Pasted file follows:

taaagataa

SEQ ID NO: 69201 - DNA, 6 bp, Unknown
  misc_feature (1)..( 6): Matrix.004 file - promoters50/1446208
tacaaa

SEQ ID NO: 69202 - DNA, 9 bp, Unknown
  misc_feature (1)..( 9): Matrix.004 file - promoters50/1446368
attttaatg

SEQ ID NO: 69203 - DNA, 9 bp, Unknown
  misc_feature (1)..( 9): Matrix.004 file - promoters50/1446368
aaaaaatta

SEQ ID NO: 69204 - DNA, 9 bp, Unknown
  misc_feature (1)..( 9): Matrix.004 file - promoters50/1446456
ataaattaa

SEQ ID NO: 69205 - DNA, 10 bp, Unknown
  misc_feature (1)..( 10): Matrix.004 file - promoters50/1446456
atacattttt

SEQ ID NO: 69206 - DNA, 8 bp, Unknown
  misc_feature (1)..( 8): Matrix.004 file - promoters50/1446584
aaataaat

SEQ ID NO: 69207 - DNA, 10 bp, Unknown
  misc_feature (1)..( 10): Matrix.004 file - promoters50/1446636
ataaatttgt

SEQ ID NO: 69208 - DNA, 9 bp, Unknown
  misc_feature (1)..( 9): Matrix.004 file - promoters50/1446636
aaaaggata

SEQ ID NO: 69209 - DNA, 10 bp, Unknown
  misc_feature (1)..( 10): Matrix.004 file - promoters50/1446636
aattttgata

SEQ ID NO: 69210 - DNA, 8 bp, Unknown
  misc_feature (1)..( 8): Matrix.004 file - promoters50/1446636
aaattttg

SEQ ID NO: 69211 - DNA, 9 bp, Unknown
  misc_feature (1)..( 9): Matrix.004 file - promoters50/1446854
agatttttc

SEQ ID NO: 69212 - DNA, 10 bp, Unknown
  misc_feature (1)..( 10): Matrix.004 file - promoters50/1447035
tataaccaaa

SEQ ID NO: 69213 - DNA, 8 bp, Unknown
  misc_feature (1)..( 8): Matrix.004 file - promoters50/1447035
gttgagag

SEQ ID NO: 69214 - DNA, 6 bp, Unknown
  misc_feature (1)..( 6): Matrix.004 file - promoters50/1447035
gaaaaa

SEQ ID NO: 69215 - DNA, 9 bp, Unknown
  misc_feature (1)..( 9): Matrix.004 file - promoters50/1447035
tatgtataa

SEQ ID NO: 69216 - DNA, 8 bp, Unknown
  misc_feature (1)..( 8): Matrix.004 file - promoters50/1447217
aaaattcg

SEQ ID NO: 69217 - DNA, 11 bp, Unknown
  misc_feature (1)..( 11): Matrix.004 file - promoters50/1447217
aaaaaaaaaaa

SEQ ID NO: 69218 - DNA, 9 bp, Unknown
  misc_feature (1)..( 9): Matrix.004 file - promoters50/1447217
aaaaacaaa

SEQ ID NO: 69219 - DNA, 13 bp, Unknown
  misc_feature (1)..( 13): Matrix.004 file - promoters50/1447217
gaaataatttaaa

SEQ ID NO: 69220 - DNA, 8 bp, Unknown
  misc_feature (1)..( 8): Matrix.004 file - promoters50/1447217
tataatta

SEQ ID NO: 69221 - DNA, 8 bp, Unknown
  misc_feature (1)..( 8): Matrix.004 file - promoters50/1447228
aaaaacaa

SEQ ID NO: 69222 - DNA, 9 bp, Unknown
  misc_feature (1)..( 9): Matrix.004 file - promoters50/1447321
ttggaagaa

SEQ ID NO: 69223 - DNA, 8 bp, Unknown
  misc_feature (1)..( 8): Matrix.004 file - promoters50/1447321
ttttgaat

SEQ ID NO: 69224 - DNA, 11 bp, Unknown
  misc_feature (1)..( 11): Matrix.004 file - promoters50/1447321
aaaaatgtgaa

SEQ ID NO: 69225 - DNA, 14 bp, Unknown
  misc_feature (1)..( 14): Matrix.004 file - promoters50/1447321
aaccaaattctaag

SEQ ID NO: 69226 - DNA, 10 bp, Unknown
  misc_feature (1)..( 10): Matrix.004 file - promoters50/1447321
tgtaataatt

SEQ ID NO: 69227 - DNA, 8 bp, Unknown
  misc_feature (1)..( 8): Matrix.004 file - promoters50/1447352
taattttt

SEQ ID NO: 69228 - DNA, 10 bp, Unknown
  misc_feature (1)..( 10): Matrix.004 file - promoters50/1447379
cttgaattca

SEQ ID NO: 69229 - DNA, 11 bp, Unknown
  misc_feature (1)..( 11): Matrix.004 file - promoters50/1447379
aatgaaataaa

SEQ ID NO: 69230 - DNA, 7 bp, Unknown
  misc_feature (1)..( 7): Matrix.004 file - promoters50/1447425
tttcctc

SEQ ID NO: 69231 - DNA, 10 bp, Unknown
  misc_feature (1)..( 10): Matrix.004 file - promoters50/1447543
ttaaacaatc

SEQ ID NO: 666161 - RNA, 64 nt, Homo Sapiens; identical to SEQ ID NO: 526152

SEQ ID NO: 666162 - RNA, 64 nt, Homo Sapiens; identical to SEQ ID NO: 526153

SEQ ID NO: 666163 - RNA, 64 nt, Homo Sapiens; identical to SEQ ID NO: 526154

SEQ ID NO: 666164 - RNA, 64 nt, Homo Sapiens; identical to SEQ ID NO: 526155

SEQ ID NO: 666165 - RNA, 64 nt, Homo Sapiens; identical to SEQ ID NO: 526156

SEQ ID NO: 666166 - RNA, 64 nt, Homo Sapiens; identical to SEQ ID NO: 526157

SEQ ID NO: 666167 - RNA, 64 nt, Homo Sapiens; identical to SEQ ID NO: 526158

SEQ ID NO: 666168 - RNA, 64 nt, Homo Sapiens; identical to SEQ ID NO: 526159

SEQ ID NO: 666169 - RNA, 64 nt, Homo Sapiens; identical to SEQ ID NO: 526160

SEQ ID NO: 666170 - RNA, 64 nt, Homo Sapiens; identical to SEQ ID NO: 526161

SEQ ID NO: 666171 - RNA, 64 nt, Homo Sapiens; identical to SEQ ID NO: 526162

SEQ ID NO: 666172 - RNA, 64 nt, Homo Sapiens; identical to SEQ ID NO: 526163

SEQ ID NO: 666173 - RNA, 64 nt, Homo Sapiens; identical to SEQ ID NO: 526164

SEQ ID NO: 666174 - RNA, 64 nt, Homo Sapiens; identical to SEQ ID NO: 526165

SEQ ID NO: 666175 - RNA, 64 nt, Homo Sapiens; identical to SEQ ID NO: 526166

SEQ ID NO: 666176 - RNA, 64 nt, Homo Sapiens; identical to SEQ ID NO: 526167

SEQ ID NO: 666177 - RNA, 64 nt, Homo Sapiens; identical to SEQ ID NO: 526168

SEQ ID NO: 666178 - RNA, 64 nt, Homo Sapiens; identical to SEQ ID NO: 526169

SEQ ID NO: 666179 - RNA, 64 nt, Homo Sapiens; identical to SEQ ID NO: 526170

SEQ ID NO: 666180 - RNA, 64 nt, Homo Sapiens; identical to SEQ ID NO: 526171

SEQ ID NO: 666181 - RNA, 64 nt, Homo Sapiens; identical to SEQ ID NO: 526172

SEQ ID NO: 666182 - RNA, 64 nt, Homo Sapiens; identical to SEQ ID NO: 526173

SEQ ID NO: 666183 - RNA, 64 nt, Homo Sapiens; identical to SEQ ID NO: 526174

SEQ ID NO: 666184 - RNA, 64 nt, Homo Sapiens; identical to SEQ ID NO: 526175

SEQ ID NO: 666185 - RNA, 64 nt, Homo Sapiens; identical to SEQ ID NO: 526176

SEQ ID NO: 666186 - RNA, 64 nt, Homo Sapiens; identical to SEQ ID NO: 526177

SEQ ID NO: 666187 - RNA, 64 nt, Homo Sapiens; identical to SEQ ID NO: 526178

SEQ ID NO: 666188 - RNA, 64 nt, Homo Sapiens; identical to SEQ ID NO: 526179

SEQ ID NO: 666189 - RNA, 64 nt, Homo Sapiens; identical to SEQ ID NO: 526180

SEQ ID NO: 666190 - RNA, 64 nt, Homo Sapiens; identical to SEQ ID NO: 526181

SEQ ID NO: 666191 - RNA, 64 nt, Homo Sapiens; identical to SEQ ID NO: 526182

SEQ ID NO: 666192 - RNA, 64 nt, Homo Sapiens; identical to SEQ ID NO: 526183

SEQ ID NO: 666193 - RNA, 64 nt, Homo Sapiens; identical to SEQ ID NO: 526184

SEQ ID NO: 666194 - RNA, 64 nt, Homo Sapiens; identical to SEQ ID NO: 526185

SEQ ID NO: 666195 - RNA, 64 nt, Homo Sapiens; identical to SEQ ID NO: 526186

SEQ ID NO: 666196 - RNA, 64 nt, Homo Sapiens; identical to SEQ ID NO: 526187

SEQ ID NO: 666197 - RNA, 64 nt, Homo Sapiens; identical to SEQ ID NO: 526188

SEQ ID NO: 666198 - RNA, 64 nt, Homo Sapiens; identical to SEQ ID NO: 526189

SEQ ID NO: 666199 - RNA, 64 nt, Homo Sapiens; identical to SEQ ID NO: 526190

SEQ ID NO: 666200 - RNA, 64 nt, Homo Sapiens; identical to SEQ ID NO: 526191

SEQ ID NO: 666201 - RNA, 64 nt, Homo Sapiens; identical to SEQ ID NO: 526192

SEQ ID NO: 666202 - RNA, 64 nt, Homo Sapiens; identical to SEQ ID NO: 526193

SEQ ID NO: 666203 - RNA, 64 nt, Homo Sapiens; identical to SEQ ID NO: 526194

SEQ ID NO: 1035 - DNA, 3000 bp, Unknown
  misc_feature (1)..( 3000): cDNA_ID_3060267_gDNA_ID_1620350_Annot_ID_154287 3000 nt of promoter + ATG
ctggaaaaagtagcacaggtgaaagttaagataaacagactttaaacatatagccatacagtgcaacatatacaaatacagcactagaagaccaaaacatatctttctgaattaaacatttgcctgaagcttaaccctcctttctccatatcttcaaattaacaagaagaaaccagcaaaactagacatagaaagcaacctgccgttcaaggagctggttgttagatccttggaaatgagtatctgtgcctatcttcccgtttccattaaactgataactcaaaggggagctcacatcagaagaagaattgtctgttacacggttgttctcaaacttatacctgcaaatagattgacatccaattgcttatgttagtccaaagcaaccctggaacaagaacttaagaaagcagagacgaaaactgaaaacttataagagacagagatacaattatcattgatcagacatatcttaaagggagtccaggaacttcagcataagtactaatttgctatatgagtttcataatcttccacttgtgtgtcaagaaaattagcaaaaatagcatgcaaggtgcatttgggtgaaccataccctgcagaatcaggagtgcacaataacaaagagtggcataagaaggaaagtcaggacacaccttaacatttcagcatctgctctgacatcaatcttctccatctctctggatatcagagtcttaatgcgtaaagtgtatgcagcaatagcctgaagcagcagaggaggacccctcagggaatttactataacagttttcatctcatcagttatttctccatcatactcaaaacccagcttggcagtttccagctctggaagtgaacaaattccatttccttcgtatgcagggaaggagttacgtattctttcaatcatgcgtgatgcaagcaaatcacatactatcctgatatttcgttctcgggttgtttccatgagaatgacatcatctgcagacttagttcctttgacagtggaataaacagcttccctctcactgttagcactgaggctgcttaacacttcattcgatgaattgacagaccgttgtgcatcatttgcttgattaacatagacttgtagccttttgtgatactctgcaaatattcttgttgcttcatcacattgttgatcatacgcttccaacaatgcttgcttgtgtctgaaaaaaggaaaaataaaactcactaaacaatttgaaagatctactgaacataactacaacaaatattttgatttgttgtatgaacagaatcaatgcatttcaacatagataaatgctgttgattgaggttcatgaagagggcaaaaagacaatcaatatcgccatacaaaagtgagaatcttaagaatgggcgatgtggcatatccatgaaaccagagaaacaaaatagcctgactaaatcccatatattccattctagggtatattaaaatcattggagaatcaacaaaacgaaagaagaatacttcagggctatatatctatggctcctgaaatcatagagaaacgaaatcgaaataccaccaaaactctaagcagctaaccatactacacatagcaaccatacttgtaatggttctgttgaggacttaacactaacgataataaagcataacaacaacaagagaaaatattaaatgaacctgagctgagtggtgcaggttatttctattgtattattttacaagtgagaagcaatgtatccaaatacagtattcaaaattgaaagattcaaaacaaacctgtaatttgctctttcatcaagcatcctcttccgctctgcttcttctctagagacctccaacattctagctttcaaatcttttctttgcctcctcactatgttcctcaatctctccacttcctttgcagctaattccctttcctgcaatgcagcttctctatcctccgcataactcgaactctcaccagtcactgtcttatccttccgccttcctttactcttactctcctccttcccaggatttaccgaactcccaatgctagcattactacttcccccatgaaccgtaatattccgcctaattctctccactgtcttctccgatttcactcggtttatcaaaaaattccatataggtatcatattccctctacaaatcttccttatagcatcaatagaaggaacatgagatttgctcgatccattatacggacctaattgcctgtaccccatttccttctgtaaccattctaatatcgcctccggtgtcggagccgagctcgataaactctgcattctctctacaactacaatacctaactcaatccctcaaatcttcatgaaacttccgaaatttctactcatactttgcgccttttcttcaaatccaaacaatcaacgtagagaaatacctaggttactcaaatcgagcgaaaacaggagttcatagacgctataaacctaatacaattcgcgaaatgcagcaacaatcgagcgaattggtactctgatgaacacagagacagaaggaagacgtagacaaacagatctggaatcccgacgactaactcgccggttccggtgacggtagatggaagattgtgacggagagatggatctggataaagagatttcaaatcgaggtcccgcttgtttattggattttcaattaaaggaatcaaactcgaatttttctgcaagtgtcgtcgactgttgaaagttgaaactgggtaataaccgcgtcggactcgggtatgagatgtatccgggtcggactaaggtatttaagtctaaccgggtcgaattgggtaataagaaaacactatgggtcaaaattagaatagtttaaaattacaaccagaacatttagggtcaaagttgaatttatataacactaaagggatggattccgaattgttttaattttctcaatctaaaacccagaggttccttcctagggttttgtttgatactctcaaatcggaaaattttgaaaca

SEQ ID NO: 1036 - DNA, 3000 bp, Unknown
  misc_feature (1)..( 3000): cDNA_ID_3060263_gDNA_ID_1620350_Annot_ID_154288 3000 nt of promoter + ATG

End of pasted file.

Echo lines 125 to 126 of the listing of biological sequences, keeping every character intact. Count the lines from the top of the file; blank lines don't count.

SEQ ID NO: 666191 - RNA, 64 nt, Homo Sapiens; identical to SEQ ID NO: 526182

SEQ ID NO: 666192 - RNA, 64 nt, Homo Sapiens; identical to SEQ ID NO: 526183